The Diagnostic and Statistical Manual of Mental Disorders, Fourth Edition (DSM-IV) describes brief psychotic disorder based primarily on duration of symptoms. DSM-IV defines brief psychotic disorder as an illness lasting from 1 day to 1 month, with an eventual return to the premorbid level of functioning. Brief psychotic disorder is uncommon. Preexisting personality disorders (eg, paranoid, histrionic, narcissistic, schizotypal, borderline) predispose to its development. A major stressor, such as loss of a loved one, may precipitate the disorder.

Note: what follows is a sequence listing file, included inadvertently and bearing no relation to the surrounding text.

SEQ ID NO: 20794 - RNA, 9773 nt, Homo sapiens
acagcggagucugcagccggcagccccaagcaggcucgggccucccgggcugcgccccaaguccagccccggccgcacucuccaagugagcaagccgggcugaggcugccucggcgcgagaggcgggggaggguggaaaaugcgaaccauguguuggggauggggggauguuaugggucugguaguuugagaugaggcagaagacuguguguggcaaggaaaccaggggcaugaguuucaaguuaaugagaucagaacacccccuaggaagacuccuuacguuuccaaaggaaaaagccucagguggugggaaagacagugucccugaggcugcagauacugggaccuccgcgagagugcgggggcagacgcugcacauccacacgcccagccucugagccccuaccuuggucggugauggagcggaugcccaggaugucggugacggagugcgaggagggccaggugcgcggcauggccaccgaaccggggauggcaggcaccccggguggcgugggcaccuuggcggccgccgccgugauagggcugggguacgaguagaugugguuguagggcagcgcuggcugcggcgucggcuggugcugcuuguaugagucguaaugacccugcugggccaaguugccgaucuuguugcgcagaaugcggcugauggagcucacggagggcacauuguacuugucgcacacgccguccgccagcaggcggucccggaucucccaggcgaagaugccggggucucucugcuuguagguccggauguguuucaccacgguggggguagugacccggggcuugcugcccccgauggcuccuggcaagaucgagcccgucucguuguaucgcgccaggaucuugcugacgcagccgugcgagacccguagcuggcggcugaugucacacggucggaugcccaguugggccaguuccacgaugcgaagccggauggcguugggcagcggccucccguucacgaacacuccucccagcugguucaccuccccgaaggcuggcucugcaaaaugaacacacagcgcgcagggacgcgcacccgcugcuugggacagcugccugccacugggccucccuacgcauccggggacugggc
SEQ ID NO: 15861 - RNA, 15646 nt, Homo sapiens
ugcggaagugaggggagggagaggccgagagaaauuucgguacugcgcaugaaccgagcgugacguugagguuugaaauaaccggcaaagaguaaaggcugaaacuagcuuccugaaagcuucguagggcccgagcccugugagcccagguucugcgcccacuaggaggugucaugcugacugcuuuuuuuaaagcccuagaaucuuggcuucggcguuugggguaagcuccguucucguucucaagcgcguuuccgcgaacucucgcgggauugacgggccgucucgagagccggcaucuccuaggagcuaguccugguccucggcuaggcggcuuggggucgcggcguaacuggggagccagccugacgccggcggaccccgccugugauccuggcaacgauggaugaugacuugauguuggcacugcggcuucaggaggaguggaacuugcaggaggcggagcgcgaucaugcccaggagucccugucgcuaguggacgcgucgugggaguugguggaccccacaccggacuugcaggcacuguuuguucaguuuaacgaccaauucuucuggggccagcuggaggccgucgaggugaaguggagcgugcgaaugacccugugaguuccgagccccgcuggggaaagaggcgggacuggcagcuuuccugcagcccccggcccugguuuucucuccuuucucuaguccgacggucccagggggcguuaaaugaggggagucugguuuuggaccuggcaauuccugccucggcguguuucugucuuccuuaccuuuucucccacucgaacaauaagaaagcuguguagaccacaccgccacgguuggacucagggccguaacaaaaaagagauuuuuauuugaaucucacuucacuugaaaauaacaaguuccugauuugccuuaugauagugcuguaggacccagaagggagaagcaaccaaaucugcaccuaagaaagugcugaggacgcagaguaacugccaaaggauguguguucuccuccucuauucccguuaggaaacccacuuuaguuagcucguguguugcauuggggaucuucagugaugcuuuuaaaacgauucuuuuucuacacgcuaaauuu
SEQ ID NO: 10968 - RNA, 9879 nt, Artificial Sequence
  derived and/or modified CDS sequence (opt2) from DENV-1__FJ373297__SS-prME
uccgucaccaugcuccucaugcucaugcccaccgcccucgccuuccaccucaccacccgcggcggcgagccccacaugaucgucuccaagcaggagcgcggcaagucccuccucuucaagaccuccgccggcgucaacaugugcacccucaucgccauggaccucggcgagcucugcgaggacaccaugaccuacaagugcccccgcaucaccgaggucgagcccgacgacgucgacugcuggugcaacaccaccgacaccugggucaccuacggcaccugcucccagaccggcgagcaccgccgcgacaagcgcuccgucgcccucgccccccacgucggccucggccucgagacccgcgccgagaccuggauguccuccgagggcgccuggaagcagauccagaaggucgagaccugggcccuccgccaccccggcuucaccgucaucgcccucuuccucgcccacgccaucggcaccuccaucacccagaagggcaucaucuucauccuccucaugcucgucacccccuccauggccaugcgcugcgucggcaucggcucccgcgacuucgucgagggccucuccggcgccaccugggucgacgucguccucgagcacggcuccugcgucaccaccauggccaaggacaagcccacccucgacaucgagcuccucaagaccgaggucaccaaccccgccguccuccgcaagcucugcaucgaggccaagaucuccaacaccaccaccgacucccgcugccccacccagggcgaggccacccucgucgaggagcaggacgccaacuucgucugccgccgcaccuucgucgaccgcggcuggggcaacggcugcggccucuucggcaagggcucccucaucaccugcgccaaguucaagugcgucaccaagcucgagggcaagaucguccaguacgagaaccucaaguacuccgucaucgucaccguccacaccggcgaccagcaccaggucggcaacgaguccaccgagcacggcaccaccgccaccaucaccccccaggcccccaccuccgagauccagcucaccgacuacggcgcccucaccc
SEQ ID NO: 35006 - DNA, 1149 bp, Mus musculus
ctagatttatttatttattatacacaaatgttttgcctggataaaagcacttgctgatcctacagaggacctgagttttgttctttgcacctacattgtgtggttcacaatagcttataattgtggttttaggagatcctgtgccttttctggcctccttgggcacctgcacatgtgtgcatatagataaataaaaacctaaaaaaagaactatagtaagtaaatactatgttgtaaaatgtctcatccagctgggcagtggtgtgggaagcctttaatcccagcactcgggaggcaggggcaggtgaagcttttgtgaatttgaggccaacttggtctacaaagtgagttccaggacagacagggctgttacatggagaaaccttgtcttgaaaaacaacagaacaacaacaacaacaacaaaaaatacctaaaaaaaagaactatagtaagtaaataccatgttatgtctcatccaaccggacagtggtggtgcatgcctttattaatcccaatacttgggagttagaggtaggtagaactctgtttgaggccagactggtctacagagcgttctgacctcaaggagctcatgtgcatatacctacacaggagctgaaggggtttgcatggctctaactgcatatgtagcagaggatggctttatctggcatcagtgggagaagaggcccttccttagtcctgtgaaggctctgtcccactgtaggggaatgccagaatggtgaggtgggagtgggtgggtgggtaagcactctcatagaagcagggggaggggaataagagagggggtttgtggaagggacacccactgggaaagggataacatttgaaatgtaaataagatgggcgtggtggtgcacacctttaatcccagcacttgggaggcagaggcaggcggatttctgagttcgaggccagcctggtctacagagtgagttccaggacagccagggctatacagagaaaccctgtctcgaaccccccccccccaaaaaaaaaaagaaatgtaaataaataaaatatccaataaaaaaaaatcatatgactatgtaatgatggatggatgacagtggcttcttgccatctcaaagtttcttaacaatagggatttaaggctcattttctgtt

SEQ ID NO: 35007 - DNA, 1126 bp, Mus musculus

The sufferer must have one of the following symptoms:
- grossly disorganized or catatonic behavior,
- or disorganized speech.
Diagnostic Criteria for Brief Psychotic Disorder
- Presence of one (or more) of the following symptoms:
- disorganized speech (e.g., frequent derailment or incoherence)
- grossly disorganized or catatonic behavior
Note: Do not include a symptom if it is a culturally sanctioned response pattern.
- Duration of an episode of the disturbance is at least 1 day but less than 1 month, with eventual full return to premorbid level of functioning.
- The disturbance is not better accounted for by a Mood Disorder With Psychotic Features, Schizoaffective Disorder, or Schizophrenia and is not due to the direct physiological effects of a substance (e.g., a drug of abuse, a medication) or a general medical condition.